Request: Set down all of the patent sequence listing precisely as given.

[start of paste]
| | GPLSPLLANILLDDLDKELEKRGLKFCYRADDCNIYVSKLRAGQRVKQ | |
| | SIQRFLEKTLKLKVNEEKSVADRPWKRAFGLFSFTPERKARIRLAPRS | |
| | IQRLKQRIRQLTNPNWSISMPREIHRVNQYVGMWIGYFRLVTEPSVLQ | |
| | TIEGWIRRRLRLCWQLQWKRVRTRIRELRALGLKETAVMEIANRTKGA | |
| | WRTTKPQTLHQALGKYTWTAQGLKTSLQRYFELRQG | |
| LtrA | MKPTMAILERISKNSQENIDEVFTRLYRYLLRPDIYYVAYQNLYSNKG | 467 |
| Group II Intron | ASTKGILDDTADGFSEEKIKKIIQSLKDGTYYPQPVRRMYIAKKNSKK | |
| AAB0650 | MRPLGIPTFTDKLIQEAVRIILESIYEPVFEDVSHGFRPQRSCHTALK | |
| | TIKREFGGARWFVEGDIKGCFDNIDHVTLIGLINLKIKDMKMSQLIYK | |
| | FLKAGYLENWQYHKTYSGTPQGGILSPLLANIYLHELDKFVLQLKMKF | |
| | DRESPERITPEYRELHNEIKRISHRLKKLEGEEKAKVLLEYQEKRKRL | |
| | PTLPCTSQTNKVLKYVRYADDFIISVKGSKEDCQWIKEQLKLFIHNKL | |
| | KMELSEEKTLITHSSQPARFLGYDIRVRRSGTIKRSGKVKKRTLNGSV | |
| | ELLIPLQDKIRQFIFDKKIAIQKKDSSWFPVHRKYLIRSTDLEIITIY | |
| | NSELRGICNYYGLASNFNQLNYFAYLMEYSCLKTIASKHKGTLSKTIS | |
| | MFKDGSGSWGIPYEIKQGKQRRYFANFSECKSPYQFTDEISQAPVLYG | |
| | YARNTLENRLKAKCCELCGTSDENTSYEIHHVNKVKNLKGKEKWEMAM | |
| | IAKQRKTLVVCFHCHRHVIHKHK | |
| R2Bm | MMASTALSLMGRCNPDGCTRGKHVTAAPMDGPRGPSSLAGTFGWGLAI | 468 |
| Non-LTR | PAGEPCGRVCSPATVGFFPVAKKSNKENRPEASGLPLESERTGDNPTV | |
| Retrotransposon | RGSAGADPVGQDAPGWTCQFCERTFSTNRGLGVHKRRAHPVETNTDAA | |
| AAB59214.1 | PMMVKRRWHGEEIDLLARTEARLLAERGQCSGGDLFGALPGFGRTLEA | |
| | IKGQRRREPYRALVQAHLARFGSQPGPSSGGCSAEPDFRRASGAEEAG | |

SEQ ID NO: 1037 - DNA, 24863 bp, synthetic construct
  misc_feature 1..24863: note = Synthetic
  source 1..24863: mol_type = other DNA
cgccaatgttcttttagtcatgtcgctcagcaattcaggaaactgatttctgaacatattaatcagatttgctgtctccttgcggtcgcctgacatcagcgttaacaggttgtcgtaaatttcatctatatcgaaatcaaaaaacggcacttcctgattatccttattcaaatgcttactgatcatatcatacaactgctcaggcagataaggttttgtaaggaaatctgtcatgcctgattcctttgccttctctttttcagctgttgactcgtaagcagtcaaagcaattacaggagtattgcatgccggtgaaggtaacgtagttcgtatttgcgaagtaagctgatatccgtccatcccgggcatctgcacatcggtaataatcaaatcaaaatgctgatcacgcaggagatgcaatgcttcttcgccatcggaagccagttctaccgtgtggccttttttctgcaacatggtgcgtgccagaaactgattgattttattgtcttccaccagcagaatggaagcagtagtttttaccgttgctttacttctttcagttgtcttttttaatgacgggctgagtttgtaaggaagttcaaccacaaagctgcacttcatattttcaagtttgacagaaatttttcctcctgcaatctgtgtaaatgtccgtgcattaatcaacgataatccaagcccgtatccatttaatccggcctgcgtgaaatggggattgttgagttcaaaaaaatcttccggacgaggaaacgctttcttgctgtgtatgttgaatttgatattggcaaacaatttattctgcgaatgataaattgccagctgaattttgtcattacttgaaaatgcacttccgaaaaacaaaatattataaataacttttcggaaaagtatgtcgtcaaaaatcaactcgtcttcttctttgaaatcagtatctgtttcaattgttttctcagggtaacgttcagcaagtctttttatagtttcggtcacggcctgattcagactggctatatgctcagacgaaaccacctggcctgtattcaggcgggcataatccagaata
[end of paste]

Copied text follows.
| | GPLSPLLANILLDDLDKELEKRGLKFCYRADDCNIYVSKLRAGQRVKQ | |
| | SIQRFLEKTLKLKVNEEKSVADRPWKRAFGLFSFTPERKARIRLAPRS | |
| | IQRLKQRIRQLTNPNWSISMPREIHRVNQYVGMWIGYFRLVTEPSVLQ | |
| | TIEGWIRRRLRLCWQLQWKRVRTRIRELRALGLKETAVMEIANRTKGA | |
| | WRTTKPQTLHQALGKYTWTAQGLKTSLQRYFELRQG | |
| LtrA | MKPTMAILERISKNSQENIDEVFTRLYRYLLRPDIYYVAYQNLYSNKG | 467 |
| Group II Intron | ASTKGILDDTADGFSEEKIKKIIQSLKDGTYYPQPVRRMYIAKKNSKK | |
| AAB0650 | MRPLGIPTFTDKLIQEAVRIILESIYEPVFEDVSHGFRPQRSCHTALK | |
| | TIKREFGGARWFVEGDIKGCFDNIDHVTLIGLINLKIKDMKMSQLIYK | |
| | FLKAGYLENWQYHKTYSGTPQGGILSPLLANIYLHELDKFVLQLKMKF | |
| | DRESPERITPEYRELHNEIKRISHRLKKLEGEEKAKVLLEYQEKRKRL | |
| | PTLPCTSQTNKVLKYVRYADDFIISVKGSKEDCQWIKEQLKLFIHNKL | |
| | KMELSEEKTLITHSSQPARFLGYDIRVRRSGTIKRSGKVKKRTLNGSV | |
| | ELLIPLQDKIRQFIFDKKIAIQKKDSSWFPVHRKYLIRSTDLEIITIY | |
| | NSELRGICNYYGLASNFNQLNYFAYLMEYSCLKTIASKHKGTLSKTIS | |
| | MFKDGSGSWGIPYEIKQGKQRRYFANFSECKSPYQFTDEISQAPVLYG | |
| | YARNTLENRLKAKCCELCGTSDENTSYEIHHVNKVKNLKGKEKWEMAM | |
| | IAKQRKTLVVCFHCHRHVIHKHK | |
| R2Bm | MMASTALSLMGRCNPDGCTRGKHVTAAPMDGPRGPSSLAGTFGWGLAI | 468 |
| Non-LTR | PAGEPCGRVCSPATVGFFPVAKKSNKENRPEASGLPLESERTGDNPTV | |
| Retrotransposon | RGSAGADPVGQDAPGWTCQFCERTFSTNRGLGVHKRRAHPVETNTDAA | |
| AAB59214.1 | PMMVKRRWHGEEIDLLARTEARLLAERGQCSGGDLFGALPGFGRTLEA | |
| | IKGQRRREPYRALVQAHLARFGSQPGPSSGGCSAEPDFRRASGAEEAG | |

SEQ ID NO: 1037 - DNA, 24863 bp, synthetic construct
  misc_feature 1..24863: note = Synthetic
  source 1..24863: mol_type = other DNA
cgccaatgttcttttagtcatgtcgctcagcaattcaggaaactgatttctgaacatattaatcagatttgctgtctccttgcggtcgcctgacatcagcgttaacaggttgtcgtaaatttcatctatatcgaaatcaaaaaacggcacttcctgattatccttattcaaatgcttactgatcatatcatacaactgctcaggcagataaggttttgtaaggaaatctgtcatgcctgattcctttgccttctctttttcagctgttgactcgtaagcagtcaaagcaattacaggagtattgcatgccggtgaaggtaacgtagttcgtatttgcgaagtaagctgatatccgtccatcccgggcatctgcacatcggtaataatcaaatcaaaatgctgatcacgcaggagatgcaatgcttcttcgccatcggaagccagttctaccgtgtggccttttttctgcaacatggtgcgtgccagaaactgattgattttattgtcttccaccagcagaatggaagcagtagtttttaccgttgctttacttctttcagttgtcttttttaatgacgggctgagtttgtaaggaagttcaaccacaaagctgcacttcatattttcaagtttgacagaaatttttcctcctgcaatctgtgtaaatgtccgtgcattaatcaacgataatccaagcccgtatccatttaatccggcctgcgtgaaatggggattgttgagttcaaaaaaatcttccggacgaggaaacgctttcttgctgtgtatgttgaatttgatattggcaaacaatttattctgcgaatgataaattgccagctgaattttgtcattacttgaaaatgcacttccgaaaaacaaaatattataaataacttttcggaaaagtatgtcgtcaaaaatcaactcgtcttcttctttgaaatcagtatctgtttcaattgttttctcagggtaacgttcagcaagtctttttatagtttcggtcacggcctgattcagactggctatatgctcagacgaaaccacctggcctgtattcaggcgggcataatccagaata